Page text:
For over a century, opening the black box of embryonic development was the holy grail of biology. Evo Devo--Evolutionary Developmental Biology--is the new science that has finally cracked open the box. Within the pages of his rich and riveting book, Sean B. Carroll explains how we are discovering that complex life is ironically much simpler than anyone ever expected.

    Terry A. Gray says: "Challenging but rewarding"
    "Carroll deserves Better Narration"
    Overall

    Carroll's other books on Audible ("Remarkable Creatures" and "The Making of the Fittest") were well produced audio books. This one is not. Although not quite monotonous, the reader lacks adequate inflection to bring this text alive. Consequently, it loses the zest that the text should otherwise evoke. If you like Carroll's other works, then give this a go, but only if you can withstand a lackluster production.

    0 of 0 people found this review helpful
  • A Confederacy of Dunces: Free Version

    • UNABRIDGED (13 hrs and 31 mins)
    • By John Kennedy Toole
    • Narrated By Barrett Whitener
    Overall
    (148)
    Performance
    (65)
    Story
    (66)

    The hero of John Kennedy Toole's incomparable, Pulitzer Prize-winning comic classic is one Ignatius J. Reilly, "huge, obese, fractious, fastidious, a latter-day Gargantua, a Don Quixote of the French Quarter". His story bursts with wholly original characters, denizens of New Orleans' lower depths, incredibly true-to-life dialogue, and the zaniest series of high and low comic adventures.

    Margot says: "Audio improves upon print"
    "Great Book...Lesser Production"
    Overall

    I first read this many years ago, and could not put it down--even though I had to squirm my way through its uncomfortable, abandon-all-hope humor. When I finished it, I found that I had unwittingly joined a secret club of readers, bonded through the recollection of the dark and (now) hilarious farcical world of Ignatius J. Reilly. I strongly recommend the book. However, I recommend the *audiobook* with some resignation.

    The production of the audiobook is merely adequate. The narrator Barrett Whitener has a good voice--he would likely do an excellent job with almost any other book. However, I sensed a hurried pace to the storytelling, as if the producers were churning out product rather than coaching the narrator to achieve the full dramatic effect that this story deserves. Consequently, the richness of Toole's many colorful characters come through only partially, and the various elaborate scenarios that Toole so carefully crafts come to life somewhat less sharply than a better production would allow.

    I enjoyed the listen, but throughout its course I longed for its presentation to bring out more of the replete pageantry of Toole's work. Unfortunately, Blackstone Audiobooks took the factory approach and left us with "just another audiobook."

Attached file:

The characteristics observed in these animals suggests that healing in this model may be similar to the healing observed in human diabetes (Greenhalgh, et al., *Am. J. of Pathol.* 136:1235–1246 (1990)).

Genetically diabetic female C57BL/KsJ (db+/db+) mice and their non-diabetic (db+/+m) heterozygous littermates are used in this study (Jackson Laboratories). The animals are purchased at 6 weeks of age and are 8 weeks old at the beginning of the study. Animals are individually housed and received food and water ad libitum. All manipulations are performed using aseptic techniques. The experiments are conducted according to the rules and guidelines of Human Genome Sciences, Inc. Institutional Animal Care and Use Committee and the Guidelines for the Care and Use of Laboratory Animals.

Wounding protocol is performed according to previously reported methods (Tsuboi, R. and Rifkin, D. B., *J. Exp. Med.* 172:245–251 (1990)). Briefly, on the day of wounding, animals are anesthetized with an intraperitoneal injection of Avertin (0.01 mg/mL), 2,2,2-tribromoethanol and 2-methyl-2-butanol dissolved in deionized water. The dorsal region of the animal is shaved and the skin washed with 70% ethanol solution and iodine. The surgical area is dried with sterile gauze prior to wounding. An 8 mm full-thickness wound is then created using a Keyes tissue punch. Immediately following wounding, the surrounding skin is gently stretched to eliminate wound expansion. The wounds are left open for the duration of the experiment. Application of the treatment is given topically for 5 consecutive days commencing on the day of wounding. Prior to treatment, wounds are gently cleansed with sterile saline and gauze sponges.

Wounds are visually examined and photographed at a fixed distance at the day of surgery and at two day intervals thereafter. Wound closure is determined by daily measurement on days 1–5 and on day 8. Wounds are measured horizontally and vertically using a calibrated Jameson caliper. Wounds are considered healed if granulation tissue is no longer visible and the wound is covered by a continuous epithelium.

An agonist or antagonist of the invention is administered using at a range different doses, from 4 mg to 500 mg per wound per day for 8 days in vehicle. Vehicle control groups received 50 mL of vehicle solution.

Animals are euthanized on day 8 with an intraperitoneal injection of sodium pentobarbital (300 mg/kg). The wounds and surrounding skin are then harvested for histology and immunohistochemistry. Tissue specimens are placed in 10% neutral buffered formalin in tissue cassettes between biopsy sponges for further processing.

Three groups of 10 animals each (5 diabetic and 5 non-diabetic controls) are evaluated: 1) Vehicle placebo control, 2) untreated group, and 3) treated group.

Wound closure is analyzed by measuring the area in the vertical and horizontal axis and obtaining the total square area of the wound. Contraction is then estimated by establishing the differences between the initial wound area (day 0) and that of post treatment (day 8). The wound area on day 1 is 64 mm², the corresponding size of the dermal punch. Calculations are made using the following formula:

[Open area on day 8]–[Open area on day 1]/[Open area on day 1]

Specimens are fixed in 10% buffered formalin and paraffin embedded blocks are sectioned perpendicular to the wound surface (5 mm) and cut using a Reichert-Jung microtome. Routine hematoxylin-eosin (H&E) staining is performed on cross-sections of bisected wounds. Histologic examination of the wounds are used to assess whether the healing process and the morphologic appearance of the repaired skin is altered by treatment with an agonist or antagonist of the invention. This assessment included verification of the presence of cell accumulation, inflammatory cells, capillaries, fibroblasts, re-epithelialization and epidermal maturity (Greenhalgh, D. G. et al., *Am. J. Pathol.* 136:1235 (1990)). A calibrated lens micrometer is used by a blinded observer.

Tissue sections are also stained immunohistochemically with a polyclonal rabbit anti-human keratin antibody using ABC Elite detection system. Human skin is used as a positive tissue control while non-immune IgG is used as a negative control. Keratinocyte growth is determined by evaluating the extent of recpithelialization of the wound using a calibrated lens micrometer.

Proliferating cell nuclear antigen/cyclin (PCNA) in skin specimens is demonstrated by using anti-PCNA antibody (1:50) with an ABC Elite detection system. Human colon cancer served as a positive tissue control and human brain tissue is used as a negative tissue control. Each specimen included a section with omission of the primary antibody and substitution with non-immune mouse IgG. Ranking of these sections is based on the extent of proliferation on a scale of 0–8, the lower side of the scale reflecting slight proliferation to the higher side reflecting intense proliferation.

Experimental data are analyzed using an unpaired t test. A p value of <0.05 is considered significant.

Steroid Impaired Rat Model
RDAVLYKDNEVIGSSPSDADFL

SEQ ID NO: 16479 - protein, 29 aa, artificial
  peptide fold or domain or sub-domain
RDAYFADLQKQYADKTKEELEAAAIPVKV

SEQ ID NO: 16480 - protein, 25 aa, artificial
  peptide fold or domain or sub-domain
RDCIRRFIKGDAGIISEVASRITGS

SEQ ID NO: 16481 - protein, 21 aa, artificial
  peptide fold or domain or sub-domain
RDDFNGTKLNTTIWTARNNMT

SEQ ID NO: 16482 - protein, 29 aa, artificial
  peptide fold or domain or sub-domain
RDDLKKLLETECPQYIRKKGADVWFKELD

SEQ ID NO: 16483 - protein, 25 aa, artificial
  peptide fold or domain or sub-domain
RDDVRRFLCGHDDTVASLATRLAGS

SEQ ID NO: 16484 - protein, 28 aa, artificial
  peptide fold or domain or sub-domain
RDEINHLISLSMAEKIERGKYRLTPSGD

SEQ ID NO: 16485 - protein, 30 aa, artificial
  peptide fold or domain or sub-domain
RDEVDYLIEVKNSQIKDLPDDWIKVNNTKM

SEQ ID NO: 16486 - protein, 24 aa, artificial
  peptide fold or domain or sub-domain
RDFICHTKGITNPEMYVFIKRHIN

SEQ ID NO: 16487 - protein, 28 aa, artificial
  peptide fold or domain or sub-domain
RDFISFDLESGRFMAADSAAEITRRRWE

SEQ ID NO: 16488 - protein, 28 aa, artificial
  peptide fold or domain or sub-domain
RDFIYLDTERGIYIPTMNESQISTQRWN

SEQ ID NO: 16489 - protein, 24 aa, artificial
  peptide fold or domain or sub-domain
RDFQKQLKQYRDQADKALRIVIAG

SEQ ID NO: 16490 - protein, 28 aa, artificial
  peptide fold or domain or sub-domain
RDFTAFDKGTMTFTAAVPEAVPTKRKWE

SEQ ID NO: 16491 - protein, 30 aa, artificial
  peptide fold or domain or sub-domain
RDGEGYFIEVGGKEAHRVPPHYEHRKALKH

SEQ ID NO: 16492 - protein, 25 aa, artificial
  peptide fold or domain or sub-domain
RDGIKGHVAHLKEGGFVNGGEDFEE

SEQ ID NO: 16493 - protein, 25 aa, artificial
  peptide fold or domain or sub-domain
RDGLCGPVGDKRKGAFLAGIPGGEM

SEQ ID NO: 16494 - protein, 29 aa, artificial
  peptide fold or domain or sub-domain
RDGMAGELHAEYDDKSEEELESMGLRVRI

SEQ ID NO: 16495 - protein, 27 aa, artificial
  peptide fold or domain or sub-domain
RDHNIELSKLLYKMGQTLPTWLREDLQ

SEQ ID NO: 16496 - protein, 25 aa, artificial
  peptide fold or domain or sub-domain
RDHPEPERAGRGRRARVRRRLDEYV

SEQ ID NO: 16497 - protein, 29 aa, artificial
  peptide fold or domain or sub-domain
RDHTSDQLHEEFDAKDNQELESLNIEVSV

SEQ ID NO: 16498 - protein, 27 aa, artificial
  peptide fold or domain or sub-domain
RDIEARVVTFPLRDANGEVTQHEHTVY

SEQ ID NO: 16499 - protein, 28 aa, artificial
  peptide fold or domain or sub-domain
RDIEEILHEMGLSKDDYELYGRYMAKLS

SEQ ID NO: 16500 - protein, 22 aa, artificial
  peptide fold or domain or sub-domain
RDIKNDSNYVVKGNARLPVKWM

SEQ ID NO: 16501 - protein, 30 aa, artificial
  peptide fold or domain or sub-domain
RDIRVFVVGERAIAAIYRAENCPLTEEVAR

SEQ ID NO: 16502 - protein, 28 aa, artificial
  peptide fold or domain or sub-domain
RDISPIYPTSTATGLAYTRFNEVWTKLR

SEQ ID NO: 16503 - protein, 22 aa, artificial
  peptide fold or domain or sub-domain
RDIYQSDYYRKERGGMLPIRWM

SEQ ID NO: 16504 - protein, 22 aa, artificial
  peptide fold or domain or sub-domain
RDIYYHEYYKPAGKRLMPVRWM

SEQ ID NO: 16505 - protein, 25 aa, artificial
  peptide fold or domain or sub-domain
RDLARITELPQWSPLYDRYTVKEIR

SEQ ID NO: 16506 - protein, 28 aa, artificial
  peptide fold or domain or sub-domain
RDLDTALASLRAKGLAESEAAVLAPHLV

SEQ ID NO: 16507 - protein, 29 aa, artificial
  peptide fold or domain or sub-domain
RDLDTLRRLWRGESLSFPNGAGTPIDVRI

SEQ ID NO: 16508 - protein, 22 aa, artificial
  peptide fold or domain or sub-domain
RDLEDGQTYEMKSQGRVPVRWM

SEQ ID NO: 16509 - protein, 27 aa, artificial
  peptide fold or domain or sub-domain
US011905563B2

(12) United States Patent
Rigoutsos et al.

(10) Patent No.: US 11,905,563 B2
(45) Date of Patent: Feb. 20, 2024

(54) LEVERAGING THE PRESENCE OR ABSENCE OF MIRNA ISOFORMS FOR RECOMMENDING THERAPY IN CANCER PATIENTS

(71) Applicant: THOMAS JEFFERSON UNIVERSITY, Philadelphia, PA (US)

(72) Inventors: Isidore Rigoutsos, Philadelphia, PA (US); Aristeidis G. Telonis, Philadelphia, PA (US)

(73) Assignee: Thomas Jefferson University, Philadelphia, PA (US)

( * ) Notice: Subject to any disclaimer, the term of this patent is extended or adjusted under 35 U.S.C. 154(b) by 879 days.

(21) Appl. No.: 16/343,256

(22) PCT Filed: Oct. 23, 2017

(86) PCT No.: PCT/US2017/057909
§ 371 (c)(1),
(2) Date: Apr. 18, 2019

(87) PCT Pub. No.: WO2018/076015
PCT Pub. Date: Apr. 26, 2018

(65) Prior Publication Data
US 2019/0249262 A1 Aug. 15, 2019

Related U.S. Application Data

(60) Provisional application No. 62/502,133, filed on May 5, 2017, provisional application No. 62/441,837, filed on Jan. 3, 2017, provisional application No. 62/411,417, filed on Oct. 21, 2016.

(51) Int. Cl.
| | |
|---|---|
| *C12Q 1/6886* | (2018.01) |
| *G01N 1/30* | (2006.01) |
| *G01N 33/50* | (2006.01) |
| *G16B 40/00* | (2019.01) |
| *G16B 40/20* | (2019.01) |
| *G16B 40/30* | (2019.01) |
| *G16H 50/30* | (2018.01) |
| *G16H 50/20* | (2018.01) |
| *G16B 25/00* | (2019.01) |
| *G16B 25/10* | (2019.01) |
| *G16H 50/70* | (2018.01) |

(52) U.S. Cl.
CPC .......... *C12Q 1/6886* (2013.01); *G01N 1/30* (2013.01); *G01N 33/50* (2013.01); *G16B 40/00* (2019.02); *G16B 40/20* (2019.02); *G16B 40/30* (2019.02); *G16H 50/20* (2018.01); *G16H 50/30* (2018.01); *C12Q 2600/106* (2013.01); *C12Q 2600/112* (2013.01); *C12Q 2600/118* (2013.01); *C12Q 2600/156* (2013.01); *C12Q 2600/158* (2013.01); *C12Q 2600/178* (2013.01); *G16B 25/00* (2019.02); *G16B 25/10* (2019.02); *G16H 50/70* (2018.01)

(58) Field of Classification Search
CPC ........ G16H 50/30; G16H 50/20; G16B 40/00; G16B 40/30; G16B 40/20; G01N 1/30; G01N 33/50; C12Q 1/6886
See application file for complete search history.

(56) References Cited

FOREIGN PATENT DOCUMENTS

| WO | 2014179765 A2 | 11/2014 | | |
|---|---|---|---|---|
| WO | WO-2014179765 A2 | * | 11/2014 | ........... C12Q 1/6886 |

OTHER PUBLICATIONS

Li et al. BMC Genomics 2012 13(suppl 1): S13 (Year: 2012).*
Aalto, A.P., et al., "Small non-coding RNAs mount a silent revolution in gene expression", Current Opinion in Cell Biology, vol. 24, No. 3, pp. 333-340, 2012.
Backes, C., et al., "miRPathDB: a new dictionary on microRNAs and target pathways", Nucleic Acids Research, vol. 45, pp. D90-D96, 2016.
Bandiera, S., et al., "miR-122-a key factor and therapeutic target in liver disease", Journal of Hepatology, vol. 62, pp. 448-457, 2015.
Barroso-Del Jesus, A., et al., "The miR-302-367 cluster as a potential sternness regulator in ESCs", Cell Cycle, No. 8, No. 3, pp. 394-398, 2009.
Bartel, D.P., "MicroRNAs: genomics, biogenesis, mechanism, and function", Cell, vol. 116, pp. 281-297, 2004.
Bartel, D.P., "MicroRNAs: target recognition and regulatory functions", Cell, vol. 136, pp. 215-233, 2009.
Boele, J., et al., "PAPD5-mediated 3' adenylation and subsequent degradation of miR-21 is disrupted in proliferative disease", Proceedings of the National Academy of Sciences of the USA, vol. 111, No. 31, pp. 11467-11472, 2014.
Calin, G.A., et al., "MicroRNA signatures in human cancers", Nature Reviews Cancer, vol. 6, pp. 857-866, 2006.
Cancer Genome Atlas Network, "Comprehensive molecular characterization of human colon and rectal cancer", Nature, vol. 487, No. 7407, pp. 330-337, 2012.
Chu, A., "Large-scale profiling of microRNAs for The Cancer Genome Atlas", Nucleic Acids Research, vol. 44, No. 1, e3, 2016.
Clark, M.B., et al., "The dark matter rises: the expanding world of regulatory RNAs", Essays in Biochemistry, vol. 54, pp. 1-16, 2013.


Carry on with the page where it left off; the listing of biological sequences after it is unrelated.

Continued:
3 of 3 people found this review helpful
  • The First Human: The Race to Discover Our Earliest Ancestors

    • UNABRIDGED (9 hrs and 56 mins)
    • By Ann Gibbons
    • Narrated By Renee Raudman
    • Whispersync for Voice-ready
    Overall
    (63)
    Performance
    (16)
    Story
    (15)

    This dynamic chronicle of the race to find the "missing links" between humans and apes transports readers into the highly competitive world of fossil hunting and into the lives of the ambitious scientists intent on pinpointing the dawn of humankind. The quest to find where and when the earliest human ancestors first appeared is one of the most exciting and challenging of all scientific pursuits.

    Eric Berger says: "Interesting subject, poor execution"
    "Good Content, Bad Narration"
    Overall

    Gibbons covers her topic thoroughly and weaves together the complete story so that it keeps the listener's attention throughout. I agree with Michael from Baltimore's review that the tensions among paleanthropologists is one of the fascinating aspects of the whole story.

    However, be advised that the narration has problems. This production needed much better editorial oversight. Raudman's peculiar inflections frequently over-emphasize a word, disrupting the flow. She sometimes sounded as though she were reading a children's story. Raudman also mis-pronounces various words: Oligocene (ollie GOH seen?), Poitiers, and many other words throughout. The result for me was that at certain moments, I had to mentally replay sentences in order to repair the author's original meaning. The issue is actually not a problem of having a bad narrator. Rather, it shows that the producers of the audio program did not pay sufficient attention to editorial detail--certainly not to the level warranted by the author's effort to produce an excellent popular science narrative.

    8 of 8 people found this review helpful